21 The Nazi PlanFilm from the Steven Spielberg Film Archive showing the Opening of the Official Anti-Semitic Campaign, 1 April Also in this clip is Minister for Popular Enlightenment and Propaganda, Joseph Goebbels addressing a cheering crowd in Berlin Lustgarten, the boycott of Jewish shops, a truck filled with Nazis moving through streets, chanting: "Germans, protect yourselves. Don't buy from the Jews,“ book burning and more. [00:05:48]
26 Slide #4German Students Fight for Hitler and Nation
27 The Nazi flag is prominently displayed. A sense of power is conveyed.Blonde hair, athletic, fit, strong, good lookingThis young man is blonde haired and well- dressed.This is a typical Nazi view of young menThe word, “Kampft”- struggle or fight.The word “VOLK” (folk) (people) is used.All students were forced to join the Hitler Youth – Boy Scouts declared a Jewish plot.German Students Fight for Hitler and Nation
29 Symbol (NJ = National Socialist Jugend – youth movement) Nazi partySymbol (NJ = National Socialist Jugend – youth movement)Hitler pointed out that unemployment in was equivalent to the number of women who came into the workforce since Average family size was supposed to have 4 children. Peasants were the backbone of society.Role of the woman is to be a mother (blonde, strong, bear children)Farming in background – church in backgroundSun = haloIt promotes the Nazi charitable organization (the NSV). The text: "Support the assistance program for mothers and children."
30 Slide #6"[If] You need advice or help, turn to your 'local group.”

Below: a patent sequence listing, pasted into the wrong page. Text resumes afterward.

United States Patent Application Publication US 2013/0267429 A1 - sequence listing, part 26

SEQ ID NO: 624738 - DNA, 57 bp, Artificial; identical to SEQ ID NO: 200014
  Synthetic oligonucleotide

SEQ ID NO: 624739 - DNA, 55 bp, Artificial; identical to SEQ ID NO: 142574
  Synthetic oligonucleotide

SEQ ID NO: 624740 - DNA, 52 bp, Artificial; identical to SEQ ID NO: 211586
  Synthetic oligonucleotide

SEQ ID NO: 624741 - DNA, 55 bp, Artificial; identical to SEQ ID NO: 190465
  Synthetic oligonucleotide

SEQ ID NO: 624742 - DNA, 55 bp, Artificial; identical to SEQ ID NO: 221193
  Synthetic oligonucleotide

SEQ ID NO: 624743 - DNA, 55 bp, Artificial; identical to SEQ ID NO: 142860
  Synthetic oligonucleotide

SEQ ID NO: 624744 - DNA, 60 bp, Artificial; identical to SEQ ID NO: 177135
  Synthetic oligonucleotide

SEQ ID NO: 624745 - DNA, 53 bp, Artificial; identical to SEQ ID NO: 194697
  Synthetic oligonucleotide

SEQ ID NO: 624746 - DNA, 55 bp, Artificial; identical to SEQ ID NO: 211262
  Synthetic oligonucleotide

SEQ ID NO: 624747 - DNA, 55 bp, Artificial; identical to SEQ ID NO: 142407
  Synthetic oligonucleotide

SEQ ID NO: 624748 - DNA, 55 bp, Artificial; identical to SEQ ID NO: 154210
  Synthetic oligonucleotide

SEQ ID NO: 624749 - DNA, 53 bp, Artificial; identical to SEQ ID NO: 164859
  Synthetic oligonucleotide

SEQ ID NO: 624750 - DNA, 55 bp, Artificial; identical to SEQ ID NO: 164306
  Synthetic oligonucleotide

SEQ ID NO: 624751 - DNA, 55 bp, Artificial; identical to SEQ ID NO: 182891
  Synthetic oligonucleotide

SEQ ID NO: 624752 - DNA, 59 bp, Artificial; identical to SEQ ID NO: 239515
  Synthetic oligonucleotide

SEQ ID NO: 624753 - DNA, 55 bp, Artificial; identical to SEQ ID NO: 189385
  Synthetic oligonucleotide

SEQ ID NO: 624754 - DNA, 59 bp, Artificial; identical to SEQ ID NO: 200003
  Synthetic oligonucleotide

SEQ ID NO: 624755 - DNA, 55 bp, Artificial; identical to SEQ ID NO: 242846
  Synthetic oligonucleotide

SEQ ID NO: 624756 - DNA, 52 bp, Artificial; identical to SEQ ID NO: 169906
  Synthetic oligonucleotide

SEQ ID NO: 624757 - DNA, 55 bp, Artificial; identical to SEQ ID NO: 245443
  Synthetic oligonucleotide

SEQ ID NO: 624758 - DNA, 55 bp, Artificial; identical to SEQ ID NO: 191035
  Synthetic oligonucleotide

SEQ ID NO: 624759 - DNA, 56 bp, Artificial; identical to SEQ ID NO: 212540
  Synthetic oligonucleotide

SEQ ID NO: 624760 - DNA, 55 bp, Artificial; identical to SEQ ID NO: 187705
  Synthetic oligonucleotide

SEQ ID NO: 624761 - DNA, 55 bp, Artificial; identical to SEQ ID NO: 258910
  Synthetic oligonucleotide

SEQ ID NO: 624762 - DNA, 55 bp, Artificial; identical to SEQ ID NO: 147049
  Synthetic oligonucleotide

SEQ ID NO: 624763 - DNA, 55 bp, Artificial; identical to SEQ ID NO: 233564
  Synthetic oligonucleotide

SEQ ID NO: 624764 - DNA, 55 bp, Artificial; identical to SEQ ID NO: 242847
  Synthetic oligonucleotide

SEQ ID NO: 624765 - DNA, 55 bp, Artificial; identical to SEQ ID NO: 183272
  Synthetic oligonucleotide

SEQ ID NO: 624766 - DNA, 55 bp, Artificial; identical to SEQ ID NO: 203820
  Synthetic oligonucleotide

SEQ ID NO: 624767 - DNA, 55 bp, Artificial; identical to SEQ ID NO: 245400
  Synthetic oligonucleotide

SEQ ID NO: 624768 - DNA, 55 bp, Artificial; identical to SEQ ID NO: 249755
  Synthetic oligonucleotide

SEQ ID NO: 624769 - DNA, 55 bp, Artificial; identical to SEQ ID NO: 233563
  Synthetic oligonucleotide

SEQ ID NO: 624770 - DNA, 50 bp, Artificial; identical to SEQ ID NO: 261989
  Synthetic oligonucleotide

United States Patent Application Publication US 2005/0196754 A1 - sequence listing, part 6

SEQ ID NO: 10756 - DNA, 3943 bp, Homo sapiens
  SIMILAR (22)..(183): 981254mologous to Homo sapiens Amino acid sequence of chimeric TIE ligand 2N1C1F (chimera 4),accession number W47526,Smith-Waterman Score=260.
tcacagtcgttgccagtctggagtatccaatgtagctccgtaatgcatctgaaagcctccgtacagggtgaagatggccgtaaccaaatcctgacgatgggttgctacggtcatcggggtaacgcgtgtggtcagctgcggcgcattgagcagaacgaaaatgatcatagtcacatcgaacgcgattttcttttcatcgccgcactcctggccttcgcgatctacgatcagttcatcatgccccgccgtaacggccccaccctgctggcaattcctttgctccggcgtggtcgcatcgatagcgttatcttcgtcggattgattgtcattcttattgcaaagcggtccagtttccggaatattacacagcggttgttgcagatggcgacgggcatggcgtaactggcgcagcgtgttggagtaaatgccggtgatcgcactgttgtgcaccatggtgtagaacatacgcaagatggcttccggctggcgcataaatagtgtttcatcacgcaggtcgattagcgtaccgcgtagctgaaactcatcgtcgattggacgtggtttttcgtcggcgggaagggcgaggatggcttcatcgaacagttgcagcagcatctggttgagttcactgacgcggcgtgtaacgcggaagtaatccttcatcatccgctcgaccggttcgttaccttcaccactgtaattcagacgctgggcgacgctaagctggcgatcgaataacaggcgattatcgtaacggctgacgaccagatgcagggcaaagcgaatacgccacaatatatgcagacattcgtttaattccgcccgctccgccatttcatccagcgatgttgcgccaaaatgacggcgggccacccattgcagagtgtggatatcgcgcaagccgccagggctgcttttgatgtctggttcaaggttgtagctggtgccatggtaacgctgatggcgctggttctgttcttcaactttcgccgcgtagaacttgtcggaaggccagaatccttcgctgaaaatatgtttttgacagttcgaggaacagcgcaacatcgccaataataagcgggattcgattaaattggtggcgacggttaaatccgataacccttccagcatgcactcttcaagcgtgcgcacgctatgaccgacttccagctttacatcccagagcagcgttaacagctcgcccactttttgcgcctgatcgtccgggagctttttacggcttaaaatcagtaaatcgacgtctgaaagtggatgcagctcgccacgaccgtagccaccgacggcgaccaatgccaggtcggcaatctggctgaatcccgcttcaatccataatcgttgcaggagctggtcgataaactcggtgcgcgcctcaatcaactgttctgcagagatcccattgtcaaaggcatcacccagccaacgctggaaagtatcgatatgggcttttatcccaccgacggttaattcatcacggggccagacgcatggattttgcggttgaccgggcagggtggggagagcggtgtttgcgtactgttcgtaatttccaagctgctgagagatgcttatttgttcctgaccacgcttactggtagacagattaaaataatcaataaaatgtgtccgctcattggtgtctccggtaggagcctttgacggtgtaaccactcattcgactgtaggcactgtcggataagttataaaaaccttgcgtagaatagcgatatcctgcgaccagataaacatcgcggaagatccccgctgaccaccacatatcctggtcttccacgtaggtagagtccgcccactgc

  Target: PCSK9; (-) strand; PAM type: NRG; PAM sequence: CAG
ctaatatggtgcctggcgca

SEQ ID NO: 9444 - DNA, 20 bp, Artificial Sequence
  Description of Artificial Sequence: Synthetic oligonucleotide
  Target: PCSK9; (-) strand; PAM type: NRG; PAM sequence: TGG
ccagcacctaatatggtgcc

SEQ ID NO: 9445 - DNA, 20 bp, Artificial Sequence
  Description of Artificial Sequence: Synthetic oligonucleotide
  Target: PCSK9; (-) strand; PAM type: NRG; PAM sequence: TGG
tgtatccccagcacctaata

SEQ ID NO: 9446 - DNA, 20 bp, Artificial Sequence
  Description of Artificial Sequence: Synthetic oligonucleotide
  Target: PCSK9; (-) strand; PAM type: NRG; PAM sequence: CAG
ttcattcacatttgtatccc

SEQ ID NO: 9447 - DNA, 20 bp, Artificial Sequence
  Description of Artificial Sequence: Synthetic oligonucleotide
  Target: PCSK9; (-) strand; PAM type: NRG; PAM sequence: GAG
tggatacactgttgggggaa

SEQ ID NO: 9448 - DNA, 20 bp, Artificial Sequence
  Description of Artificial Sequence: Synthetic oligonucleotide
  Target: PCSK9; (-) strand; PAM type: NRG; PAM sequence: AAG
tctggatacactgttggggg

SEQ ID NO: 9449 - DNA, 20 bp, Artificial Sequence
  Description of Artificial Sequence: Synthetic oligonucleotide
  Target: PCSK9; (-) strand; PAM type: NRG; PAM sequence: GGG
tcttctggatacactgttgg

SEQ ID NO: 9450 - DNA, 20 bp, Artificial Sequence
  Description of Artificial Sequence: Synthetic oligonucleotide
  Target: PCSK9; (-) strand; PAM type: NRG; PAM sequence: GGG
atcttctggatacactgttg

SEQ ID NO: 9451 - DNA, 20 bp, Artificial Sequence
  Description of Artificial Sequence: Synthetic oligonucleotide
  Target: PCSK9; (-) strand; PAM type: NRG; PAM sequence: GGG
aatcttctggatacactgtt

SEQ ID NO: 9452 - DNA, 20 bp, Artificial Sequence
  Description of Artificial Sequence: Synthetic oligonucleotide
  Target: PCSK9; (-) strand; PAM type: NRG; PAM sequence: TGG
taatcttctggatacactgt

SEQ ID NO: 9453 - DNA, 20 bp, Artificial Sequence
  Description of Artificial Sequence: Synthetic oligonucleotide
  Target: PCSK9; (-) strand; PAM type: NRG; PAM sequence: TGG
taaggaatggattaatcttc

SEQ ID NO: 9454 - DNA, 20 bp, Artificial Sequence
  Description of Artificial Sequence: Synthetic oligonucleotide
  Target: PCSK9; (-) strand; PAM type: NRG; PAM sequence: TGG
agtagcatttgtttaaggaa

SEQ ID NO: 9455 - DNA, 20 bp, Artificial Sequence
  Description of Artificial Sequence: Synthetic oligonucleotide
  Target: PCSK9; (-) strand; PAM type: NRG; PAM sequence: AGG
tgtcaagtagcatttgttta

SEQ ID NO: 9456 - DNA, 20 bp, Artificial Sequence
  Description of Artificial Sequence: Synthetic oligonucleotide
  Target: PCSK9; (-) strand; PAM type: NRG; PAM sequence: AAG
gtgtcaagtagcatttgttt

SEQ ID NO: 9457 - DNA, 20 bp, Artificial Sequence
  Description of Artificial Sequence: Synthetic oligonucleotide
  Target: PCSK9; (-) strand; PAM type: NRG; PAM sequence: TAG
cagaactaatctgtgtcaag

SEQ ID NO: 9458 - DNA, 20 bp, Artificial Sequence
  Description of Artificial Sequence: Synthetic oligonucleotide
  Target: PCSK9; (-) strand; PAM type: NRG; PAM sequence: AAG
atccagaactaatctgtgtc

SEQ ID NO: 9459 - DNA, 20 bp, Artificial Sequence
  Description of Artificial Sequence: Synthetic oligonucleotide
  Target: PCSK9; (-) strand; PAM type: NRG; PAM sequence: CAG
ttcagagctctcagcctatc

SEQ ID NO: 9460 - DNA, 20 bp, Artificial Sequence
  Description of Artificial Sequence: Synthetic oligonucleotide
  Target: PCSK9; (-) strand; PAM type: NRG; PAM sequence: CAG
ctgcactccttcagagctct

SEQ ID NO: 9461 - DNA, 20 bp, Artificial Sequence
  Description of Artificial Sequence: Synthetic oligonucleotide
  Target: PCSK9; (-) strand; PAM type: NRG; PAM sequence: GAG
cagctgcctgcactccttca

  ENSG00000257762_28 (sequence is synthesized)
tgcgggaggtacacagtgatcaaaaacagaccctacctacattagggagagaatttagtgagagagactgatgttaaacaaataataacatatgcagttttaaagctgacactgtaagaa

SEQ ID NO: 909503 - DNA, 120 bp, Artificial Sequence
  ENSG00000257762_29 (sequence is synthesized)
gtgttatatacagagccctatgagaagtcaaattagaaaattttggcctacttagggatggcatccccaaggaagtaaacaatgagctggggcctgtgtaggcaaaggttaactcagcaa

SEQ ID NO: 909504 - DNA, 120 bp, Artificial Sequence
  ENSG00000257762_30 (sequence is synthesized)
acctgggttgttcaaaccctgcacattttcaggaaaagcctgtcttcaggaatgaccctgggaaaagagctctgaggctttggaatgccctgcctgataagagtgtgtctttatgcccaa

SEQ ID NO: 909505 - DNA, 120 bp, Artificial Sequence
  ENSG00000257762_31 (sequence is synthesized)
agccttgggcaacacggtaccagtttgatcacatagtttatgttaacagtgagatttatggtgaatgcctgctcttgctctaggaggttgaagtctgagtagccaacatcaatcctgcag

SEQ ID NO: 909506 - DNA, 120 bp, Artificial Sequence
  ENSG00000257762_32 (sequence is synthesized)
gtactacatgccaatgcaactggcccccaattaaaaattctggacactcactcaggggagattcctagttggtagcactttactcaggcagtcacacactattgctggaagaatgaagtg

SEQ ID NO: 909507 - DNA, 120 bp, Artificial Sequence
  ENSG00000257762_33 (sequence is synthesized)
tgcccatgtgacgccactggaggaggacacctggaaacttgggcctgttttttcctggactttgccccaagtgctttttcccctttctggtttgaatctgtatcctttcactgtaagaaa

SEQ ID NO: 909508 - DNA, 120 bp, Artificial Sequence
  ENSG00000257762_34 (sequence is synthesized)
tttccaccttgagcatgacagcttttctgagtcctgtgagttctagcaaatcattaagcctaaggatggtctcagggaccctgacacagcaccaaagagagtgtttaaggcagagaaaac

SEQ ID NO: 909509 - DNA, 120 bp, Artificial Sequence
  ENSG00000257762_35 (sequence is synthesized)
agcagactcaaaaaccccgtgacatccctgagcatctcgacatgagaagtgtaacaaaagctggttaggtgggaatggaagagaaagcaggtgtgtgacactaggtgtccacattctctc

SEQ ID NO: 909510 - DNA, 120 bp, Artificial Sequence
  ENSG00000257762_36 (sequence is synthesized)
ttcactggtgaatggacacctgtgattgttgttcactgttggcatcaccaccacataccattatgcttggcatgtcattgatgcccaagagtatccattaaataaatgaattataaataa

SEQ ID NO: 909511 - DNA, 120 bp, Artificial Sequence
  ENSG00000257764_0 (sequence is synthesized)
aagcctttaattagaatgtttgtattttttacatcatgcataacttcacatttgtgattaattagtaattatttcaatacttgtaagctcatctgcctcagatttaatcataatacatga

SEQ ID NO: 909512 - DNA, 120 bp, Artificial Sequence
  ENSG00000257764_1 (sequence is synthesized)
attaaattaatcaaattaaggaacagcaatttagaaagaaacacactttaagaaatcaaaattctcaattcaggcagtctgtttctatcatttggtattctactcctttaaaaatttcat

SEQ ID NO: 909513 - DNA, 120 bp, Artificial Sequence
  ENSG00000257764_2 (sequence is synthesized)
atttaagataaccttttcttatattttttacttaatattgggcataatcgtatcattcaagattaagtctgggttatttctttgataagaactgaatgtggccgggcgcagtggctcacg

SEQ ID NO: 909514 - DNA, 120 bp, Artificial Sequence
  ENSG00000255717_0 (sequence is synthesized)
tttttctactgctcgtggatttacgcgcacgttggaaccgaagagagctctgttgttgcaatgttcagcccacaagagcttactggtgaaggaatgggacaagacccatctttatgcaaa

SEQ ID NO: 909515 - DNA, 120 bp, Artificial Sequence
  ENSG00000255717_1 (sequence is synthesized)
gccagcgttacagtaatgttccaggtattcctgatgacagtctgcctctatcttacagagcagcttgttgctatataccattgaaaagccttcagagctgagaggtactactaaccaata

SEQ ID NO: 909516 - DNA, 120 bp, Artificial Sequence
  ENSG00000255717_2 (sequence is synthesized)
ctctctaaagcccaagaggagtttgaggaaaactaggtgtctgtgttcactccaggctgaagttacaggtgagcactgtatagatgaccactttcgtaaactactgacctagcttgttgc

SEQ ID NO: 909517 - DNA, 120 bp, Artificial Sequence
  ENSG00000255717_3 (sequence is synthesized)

31 The Aryan Family (white, blonde, blue-eyed, happy) (farm family) The caption loosely translates as, "The National Socialist Party will save the people's community. The people's community will then turn to you and the party." Posters of this type illustrate the disconnect between the party rhetoric and the reality of party policy.The “strong” eagle (power) – almost a “wing of an angel” (protecting this family)The Aryan Family (white, blonde, blue-eyed, happy) (farm family)The idea of a "Volksgemeinschaft," a community of the people, had a very powerful, very idealistic appeal, comparable to the idealistic appeal that some communist groups were attempting to make at the same time.The analogy is suggested by the use of the word "Volksgenossen," literally "comrades," a term widely used by the Soviet Communist Party at the time.The slogan on the poster reads "[If] You need advice or help, turn to your 'local group.” In other words, the suggestion is "We are here to help."
33 Strong/fit youth (blonde, blue-eyed) – the future of Germany Conveys the message of Germany being unitedThe goal of the Reich Labor Force was to train and teach through regimented exercise, work and sports (train young men for the military).It promotes the Nazi labor service, for which men were expected to volunteer. The caption: "We build body and soul."
35 after 1936This poster makes a direct Christological comparison. Just as a dove descended on Christ when he was baptized by John the Baptist, so what looks to be an eagle hovers against the light of heaven over an idealized Hitler. The text: "Long live Germany!."Sun = haloA strong, numerous, and united Germany –power granted from God.Oak leaf border = symbol of strength and longevity in Nazi iconography
37 The connection of the Nazi soldier and the Crusader Arm around Nazi soldierThe Crusader w/ cross – based in the belief that Christ would return to earth for a year period. (the white saint?)Multi-headed red snakes – stars of David, Protocols of Zion,KDP=Christian Democratic Party, SDP=Social Democratic Party, RF=Republican Front?The Multi-headed dragon is a well-known image from Christianity – St. George and the Dragon (good v. evil/Satanic forces).Nazi propaganda often portrayed WWII as a war for Christianity.The white countryside with a cross on its side – Nazism found its roots in the peasantry/agricultureThe soldier (uniform - authority, Swastika on belt) “draped” in the robe w/ the Swastika (powerful symbol)Crusader = St. Michael slaying the 3-headed dragon (direct/saintly connection to God ???)
38 Please use your corresponding worksheets with the next set of slides
39 Now you try it! Take your worksheet and divide into 3 groups, one for each of the following posters. Complete the front of the worksheet and finish the back for homework.